The CFTC’s Division of Swap Dealer and Intermediary Oversight issued a Staff Advisory outlining recommended best practices for covered financial institutions to comply with Title V of the Gramm-Leach-Bliley Act of 1999 (“Title V”), which requires financial institutions to respect the privacy of their customers and protect the security and confidentiality of nonpublic personal information, and Part 160 of the CFTC’s regulations, which help implement Title V. The best practices in the Staff Advisory are designed to be consistent with those adopted by the federal banking agencies and the FTC and those proposed by the SEC. The recommendations apply to futures commission merchants, retail foreign exchange dealers, commodity trading advisors, commodity pool operators, introducing brokers, major swap participants and swap dealers that are subject to the Part 160 regulations (“covered entities”).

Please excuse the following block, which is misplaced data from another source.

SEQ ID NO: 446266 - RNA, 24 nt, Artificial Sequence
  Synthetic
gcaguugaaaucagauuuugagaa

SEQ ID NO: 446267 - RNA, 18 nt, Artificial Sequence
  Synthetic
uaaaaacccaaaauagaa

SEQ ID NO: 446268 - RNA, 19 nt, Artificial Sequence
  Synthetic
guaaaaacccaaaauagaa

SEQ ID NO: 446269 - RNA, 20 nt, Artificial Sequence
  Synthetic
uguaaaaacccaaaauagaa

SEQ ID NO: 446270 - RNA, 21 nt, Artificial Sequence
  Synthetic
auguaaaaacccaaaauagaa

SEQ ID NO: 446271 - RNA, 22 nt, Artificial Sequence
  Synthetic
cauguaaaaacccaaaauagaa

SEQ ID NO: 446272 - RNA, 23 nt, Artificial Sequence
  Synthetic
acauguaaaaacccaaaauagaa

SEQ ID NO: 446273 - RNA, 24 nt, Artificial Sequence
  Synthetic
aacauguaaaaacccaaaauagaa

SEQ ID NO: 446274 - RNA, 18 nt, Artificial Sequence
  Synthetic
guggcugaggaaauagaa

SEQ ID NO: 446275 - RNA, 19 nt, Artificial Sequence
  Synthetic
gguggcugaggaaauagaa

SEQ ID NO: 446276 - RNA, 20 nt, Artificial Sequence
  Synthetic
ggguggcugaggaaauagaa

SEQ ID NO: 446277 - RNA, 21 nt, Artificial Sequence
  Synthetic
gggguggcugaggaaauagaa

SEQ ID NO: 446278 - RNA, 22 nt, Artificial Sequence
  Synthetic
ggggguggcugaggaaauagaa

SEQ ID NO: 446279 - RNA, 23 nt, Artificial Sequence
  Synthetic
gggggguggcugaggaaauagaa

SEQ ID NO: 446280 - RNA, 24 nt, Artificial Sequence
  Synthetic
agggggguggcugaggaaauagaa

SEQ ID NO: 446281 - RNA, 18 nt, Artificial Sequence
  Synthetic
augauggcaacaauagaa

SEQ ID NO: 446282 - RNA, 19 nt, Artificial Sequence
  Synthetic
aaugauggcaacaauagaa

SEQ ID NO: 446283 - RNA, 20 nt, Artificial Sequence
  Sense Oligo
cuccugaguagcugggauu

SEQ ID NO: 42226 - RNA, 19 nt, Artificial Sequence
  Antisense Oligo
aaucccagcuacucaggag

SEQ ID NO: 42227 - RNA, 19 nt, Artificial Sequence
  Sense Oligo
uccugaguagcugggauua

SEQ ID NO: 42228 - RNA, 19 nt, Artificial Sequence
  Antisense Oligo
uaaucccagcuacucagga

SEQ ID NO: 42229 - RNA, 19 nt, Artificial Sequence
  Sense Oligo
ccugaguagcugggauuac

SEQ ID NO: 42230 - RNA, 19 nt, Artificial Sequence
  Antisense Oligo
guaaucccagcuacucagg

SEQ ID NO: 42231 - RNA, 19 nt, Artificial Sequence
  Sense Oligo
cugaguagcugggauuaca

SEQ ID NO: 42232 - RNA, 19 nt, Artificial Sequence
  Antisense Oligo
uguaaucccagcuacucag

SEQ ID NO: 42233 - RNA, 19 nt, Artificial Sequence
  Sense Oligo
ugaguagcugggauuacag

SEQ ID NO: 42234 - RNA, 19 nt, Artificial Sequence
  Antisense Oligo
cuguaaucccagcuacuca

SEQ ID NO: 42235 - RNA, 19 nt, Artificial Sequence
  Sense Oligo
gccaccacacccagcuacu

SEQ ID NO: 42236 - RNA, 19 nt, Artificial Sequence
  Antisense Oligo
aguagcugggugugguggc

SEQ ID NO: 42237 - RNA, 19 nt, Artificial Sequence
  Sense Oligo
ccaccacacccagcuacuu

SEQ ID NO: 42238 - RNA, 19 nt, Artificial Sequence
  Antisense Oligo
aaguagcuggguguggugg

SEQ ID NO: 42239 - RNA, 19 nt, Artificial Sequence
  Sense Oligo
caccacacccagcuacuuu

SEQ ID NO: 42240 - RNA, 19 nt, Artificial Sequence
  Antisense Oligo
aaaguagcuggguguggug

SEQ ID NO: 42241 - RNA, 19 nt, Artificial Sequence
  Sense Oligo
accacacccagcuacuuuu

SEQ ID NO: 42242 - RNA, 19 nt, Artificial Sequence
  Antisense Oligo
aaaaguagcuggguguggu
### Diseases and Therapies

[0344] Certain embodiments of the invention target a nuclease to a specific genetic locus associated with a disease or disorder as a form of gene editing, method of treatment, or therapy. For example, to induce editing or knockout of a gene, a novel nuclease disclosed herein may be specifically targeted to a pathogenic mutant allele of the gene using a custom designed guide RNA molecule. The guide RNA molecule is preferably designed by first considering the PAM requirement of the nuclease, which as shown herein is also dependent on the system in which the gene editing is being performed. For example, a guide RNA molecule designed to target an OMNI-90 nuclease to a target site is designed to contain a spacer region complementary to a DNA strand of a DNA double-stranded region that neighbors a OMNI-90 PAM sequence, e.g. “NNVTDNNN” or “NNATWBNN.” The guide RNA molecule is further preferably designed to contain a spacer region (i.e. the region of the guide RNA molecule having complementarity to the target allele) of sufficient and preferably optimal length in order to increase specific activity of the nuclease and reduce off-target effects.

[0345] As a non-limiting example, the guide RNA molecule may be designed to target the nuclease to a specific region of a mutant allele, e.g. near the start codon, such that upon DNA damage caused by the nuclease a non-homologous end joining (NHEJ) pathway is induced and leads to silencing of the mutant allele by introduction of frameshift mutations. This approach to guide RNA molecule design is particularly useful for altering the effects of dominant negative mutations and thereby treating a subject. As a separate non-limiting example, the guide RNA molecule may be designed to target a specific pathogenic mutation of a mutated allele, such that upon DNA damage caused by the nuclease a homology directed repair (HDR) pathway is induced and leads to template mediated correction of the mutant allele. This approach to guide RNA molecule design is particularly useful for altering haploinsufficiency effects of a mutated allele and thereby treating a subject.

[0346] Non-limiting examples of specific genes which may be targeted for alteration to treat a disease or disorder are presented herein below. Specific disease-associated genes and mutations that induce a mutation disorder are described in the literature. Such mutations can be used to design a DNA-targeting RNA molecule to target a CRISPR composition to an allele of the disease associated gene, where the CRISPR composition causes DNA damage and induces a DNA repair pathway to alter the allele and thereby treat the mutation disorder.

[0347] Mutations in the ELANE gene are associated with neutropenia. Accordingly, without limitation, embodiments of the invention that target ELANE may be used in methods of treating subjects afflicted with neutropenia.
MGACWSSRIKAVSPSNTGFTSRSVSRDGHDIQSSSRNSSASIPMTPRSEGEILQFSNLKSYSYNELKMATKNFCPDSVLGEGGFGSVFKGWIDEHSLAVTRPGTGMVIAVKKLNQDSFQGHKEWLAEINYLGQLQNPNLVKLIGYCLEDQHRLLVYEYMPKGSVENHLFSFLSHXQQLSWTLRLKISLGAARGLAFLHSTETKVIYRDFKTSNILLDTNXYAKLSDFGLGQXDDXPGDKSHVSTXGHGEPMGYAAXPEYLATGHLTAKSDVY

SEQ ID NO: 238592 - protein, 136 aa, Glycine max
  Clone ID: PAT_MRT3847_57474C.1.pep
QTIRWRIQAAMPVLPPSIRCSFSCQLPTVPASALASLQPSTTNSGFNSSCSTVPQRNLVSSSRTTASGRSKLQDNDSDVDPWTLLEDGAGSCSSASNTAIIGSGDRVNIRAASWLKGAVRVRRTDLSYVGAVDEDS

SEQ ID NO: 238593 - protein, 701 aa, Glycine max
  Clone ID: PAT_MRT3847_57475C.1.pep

The Staff Advisory recommends that each covered entity adopt a written information security and privacy program tailored to its specific business that, at a minimum, includes the following basic elements, which are discussed in greater detail in the Staff Advisory: (1) designation of a specific employee with privacy and security management oversight responsibilities and of employee(s) to implement and assess the program; (2) identification of all reasonably foreseeable internal and external risks to the confidentiality of customer personal information; (3) implementation of safeguards to control the identified risks; (4) staff training to implement the program; (5) regularly testing of the program with independent testing every two years; (6) oversight of third party service providers with access to customer records and information; (7) regular evaluation and adjustment of the program in light of specified factors; (8) response procedures for incidents of unauthorized access; and (9) an annual assessment of the program provided to the covered entity’s board of directors. The Staff Advisory concludes with a statement that the best practices are issued “with the expectation that the Division [of Swap Dealer and Intermediary Oversight] will enhance its audit and review standards as it continues to focus more resources on [Gramm-Leach-Bliley Act] Title V compliance” and a citation to a 2009 settlement in which a foreign currency broker was sanctioned for placing confidential personal consumer information of approximately 13,000 customers and prospective customers on a personal website that was accessible on the Internet for at least a year.
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